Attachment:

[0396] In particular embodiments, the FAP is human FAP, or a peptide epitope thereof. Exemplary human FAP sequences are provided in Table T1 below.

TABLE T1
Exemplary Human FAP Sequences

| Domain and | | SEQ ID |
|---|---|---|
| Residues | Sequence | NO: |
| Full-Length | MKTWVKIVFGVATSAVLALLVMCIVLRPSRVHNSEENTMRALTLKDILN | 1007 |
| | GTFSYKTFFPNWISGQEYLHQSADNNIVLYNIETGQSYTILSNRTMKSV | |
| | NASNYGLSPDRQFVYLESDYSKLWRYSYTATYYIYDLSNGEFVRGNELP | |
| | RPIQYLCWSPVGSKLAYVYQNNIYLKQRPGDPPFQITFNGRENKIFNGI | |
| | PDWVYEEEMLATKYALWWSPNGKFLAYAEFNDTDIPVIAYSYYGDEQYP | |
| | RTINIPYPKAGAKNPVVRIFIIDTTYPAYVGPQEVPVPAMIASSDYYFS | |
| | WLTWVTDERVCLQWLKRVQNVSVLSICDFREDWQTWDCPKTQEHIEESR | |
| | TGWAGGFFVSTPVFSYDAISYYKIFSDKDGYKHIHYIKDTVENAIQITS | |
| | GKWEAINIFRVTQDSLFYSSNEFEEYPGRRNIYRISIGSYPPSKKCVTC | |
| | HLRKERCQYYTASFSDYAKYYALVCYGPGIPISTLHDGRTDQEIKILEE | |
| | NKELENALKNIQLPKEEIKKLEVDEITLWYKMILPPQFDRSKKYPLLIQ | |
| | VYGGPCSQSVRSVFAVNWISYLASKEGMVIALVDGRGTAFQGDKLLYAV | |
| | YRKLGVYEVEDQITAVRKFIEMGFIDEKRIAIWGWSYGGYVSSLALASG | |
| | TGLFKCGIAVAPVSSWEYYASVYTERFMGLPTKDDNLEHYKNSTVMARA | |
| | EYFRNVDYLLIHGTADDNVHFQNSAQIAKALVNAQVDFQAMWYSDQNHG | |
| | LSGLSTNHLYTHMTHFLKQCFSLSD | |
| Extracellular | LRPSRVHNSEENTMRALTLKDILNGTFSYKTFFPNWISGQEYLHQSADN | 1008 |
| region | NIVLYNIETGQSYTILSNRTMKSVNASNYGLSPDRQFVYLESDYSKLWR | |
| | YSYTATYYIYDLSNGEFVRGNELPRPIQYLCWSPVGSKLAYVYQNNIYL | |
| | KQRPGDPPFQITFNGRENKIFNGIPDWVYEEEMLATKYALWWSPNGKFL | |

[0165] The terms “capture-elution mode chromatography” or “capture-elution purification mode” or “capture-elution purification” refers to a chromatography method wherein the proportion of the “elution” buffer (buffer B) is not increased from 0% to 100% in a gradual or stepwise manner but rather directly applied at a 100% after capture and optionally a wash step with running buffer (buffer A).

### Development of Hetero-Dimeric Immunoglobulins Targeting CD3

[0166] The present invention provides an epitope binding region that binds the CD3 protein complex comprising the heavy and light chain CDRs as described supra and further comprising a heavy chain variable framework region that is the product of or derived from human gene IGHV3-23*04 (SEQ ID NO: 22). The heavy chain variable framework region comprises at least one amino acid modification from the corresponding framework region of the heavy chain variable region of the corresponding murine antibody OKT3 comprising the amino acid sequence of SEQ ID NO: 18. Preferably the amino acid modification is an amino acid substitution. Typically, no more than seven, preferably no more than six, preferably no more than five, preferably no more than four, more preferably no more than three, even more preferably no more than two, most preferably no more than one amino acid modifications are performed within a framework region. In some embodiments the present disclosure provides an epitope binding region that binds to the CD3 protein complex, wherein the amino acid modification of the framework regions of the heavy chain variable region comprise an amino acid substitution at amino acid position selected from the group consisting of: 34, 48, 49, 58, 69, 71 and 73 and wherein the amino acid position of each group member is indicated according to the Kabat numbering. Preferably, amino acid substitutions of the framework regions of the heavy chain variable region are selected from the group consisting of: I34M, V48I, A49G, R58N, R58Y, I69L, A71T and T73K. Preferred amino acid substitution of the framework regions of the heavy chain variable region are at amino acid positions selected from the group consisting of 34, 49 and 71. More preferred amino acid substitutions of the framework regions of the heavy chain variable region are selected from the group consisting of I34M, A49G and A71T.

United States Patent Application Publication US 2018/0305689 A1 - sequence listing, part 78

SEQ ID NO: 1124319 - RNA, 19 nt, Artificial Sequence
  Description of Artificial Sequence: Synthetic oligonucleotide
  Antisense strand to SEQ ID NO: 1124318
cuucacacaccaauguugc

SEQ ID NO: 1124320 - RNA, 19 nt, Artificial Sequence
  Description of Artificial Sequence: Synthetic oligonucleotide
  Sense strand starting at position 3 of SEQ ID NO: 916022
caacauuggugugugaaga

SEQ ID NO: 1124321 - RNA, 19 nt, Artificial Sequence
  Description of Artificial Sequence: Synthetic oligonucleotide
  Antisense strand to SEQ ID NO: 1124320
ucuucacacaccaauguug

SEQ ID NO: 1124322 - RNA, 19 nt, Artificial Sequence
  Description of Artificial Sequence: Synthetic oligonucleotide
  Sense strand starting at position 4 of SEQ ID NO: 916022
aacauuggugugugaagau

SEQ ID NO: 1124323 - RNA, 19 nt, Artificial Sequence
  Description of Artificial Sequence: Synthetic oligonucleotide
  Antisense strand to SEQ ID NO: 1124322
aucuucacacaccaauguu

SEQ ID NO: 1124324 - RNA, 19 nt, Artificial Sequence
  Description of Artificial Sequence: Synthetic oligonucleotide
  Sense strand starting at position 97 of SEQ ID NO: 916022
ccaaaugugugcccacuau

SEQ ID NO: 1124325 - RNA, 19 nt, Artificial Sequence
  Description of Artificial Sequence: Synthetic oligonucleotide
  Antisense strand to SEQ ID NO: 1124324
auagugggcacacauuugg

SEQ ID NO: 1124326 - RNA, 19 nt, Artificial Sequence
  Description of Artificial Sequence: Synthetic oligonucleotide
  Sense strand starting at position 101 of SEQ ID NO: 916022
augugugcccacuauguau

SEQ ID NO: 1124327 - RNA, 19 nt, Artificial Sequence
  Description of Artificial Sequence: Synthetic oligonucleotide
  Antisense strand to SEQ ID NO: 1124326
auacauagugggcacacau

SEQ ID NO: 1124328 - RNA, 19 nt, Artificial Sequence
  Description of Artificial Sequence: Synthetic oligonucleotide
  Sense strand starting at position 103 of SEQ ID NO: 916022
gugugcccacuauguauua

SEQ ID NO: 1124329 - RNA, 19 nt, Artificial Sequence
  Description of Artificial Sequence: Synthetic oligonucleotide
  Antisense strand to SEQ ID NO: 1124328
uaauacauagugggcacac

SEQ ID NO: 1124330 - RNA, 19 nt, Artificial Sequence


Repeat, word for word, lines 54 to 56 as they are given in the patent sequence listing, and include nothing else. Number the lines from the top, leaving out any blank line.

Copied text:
ccaaaugugugcccacuau

SEQ ID NO: 1124325 - RNA, 19 nt, Artificial Sequence
  Description of Artificial Sequence: Synthetic oligonucleotide